The G.O.A.T conversation is one that is seemingly ongoing and never ending. Many people throw around names such as Michael Jordan, Kobe Bryant, and of course, Lebron James. Fortunately for us, we are still able to watch one of those players in Lebron James, who appears to be playing the final years of his career with the Los Angeles Lakers, giving the sports world more chances to evaluate his play and further analyze his spot in the G.O.A.T. conversation. Lebron James’ body of work is still being added to with each pass he dishes to his teammates, each rim rattling dunk that electrifies the crowd, and each chase down block in close games to rally his team.
One aspect that doesn’t receive heavy attention in the G.O.A.T conversation is durability. Coaches always tell their players that they need to find that next gear, that extra ounce of heart, the strength to push yourself past what you believe is the breaking point. Lebron James’ durability is an interesting talking point because it seems to have at the very least stayed constant since his rookie year, if not improved. King James always seems to have that extra ounce of energy to make that last push when his team needs him to keep going. At 34, Lebron has shown no distinctive signs of slowing down, and could be more motivated than ever to pursue another championship with his new Laker lineup that has received a much needed overhaul and added some crucial depth heading into the 2019 season.
The first example that comes to mind when thinking of James’ phenomenal durability is the 2018 finals series that featured the Cleveland Cavaliers and the Golden State Warriors. Per basketball-reference.com (https://www.basketball-reference.com/playoffs/2018-nba-finals-cavaliers-vs-warriors.html) Lebron James logged 179 minutes in the 4 game series that saw the Warriors sweep the Cavaliers. While the Finals are the most important part of the NBA postseason, let’s take winning out of the conversation and focus on just how much Lebron was playing in that series. 179 minutes played out of a possible 192 minutes. That meant that Lebron only checked out of the game and rested for a TOTAL of 13 minutes for the entirety of the 2018 NBA Finals. That averages out to 3.25 minutes of rest per game over that stretch. When looking at the rest of the Cavaliers’ roster, the player with the next most minutes logged behind James was Power Forward Kevin Love with 133 total minutes. During the 2018 Finals series, James averaged 44.75 minutes per game. The only other time Lebron played at that clip came during his second year in the league in 2004, where he averaged 42.4 minutes per contest. That was when he was only Twenty years old. In 2018 he was thirty two years old and appeared to have more hop in his step than he did twelve years prior.
Compared to the regular season, he averaged a respectable 36.9 minutes per game. James was incredibly limited in his rest, and still produced very strong numbers. While playing what appeared to be the entire game throughout the series, James recorded absurd averages that nearly amounted to a triple double every game He averaged 34 PPG, 8.5 RBG, and 10 APG. It’s no secret James was the Cavaliers’ best weapon, and he gave them everything he had in the tank for that Finals series as he continues to today for the Lakers of Los Angeles. The Finals performance was one of the most remarkable by any player in recent memory, much less anyone on a team that ultimately didn’t go on to hoist the trophy that year. On the Warriors’ side of things, Kevin Durant logged 165 minutes in that series, followed by Stephen Curry with 162 minutes. In the interest of comparisons, Michael Jordan’s most recent NBA Finals appearance in 1998 (https://www.basketball-reference.com/playoffs/1998-nba-finals-bulls-vs-jazz.html) saw him play 250 minutes of a possible 288 minutes, which averages out to 6.3 minutes of rest per each of the 6 games in the series versus the Utah Jazz.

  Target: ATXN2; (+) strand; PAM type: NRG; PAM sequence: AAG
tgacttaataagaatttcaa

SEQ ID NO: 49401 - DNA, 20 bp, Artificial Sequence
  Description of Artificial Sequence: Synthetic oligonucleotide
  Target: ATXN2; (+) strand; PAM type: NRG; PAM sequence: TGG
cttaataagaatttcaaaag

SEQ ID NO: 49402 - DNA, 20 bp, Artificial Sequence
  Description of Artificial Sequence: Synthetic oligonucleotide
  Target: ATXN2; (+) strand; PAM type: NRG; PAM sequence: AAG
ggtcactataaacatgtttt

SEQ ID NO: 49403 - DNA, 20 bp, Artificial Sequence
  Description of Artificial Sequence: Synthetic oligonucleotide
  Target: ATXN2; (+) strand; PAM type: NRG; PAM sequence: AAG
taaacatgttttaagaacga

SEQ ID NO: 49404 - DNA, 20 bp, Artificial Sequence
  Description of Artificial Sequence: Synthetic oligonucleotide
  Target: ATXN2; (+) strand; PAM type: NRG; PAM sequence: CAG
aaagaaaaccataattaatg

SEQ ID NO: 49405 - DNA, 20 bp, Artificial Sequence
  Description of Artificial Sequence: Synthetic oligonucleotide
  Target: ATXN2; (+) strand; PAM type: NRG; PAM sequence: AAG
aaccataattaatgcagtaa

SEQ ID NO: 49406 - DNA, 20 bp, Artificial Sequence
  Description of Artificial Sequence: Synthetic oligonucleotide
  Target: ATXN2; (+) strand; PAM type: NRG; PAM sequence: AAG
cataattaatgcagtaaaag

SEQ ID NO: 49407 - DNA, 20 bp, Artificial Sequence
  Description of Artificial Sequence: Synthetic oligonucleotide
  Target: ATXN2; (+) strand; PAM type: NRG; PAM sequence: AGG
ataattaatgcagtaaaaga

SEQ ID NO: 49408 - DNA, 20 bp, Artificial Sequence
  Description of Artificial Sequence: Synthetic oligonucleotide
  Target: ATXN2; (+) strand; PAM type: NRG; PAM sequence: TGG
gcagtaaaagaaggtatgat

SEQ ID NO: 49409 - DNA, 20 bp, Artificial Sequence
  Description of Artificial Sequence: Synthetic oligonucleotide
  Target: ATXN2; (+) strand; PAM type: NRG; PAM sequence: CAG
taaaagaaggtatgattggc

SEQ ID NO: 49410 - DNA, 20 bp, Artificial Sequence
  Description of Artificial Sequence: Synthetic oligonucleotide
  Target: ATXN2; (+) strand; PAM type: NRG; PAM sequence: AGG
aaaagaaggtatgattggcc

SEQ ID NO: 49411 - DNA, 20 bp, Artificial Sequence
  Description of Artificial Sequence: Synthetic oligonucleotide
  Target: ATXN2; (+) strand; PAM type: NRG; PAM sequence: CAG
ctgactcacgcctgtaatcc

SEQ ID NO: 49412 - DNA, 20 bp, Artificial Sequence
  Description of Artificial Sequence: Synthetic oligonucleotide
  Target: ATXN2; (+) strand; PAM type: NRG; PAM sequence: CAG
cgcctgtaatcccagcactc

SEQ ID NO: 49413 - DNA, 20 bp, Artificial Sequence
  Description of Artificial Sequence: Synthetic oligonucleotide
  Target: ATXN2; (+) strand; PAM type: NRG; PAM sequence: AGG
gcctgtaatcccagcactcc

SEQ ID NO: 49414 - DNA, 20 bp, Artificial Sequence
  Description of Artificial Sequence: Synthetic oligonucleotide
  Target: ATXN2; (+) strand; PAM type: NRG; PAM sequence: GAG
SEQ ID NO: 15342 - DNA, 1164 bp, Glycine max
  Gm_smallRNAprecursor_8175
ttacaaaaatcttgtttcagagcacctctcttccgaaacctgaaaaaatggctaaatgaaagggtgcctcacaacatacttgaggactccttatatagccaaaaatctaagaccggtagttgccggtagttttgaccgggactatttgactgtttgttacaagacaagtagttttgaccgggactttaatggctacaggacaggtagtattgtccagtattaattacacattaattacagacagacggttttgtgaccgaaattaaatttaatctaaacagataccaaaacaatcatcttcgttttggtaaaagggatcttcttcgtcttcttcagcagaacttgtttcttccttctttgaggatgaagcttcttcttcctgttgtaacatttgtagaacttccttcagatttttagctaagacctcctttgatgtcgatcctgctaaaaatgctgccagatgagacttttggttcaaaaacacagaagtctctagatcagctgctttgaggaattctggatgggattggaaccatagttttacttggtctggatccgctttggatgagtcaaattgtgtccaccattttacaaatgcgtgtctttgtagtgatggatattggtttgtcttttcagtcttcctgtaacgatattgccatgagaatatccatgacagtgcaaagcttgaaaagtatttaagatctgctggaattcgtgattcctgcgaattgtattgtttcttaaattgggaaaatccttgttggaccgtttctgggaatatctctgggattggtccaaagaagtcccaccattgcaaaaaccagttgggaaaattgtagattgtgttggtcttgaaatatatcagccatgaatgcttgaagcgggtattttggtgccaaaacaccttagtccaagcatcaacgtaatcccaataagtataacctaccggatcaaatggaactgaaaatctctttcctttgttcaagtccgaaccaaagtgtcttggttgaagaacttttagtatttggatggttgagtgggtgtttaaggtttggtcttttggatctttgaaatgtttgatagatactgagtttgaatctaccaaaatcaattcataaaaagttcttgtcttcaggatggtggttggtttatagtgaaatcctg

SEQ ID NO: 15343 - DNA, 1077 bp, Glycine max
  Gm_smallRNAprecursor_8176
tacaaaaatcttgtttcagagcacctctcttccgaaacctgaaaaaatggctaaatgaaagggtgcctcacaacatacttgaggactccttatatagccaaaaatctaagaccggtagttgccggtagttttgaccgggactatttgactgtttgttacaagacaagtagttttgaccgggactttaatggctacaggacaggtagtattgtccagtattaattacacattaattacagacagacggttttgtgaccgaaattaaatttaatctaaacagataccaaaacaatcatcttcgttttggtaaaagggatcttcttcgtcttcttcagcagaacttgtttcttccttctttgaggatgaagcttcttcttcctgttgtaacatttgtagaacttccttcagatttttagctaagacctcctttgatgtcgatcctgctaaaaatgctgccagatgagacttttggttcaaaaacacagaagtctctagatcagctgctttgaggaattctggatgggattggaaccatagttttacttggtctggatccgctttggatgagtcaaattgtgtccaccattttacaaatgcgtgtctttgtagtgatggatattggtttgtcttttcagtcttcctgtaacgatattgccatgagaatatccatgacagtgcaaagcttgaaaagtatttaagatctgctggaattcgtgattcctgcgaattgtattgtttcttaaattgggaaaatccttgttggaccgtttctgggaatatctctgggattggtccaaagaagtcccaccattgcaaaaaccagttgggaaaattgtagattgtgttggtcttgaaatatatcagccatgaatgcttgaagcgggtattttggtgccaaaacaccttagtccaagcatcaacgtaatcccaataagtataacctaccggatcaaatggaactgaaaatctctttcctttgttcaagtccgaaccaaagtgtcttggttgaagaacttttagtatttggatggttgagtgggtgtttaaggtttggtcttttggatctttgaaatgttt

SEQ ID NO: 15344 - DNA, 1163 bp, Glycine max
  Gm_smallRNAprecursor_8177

While James looks superhuman on the outside to the average basketball fan, there is a tremendous amount of work that goes on behind the scenes. The 2015 season saw Lebron experience major issues with two discs in his back, which required him to get two anti-inflammatory injections over a ten month span. During his most recent stint with his hometown Cavaliers, he worked closely with former Navy Seal, biochemist Donnie Raimon. What was needed to get the superstar back to his normal playing condition is covered at length in a story by ESPN Senior Writer Brian Windhorst (https://www.espn.com/nba/story/_/id/22778062/how-lebron-james-fixed-back-track-play-all-82-games-nba). The process of getting into top shape is one thing: innumerable hours in the gym slamming medicine balls, wracking barbells after hard sets, and yelling out at the top of your lungs after completing a workout. However, maintaining the body that Lebron has built for himself to allow jaw dropping performances at age 34 is an entirely separate feat in it of itself.It is also one that is far from cheap. One CBS report (https://cleveland.cbslocal.com/2016/11/15/lebron-james-spends-about-1-5-million-per-year-to-maintain-his-body/) published in 2016 references King James spending as much as $1.5 million over the course of one year to allow his body to attain peak performance. That $1.5 million went towards multiple trainers, building a home gym to allow around the clock workouts, paying for chefs to cook him gourmet meals packed with protein, as well as a concerted recovery plan that helps minimize the toll that playing the game of basketball takes on his 6’8” 250 pound frame. For the thousands of minutes that he has invested into the game of basketball (more than 42,000 in fact), he has invested a lot of time, energy, and resources back into his own body. Taking a deeper look at his durability and everything that goes into preparing him to achieve at his best reveals that it shouldn't be a surprise Lebron is a modern day Superman.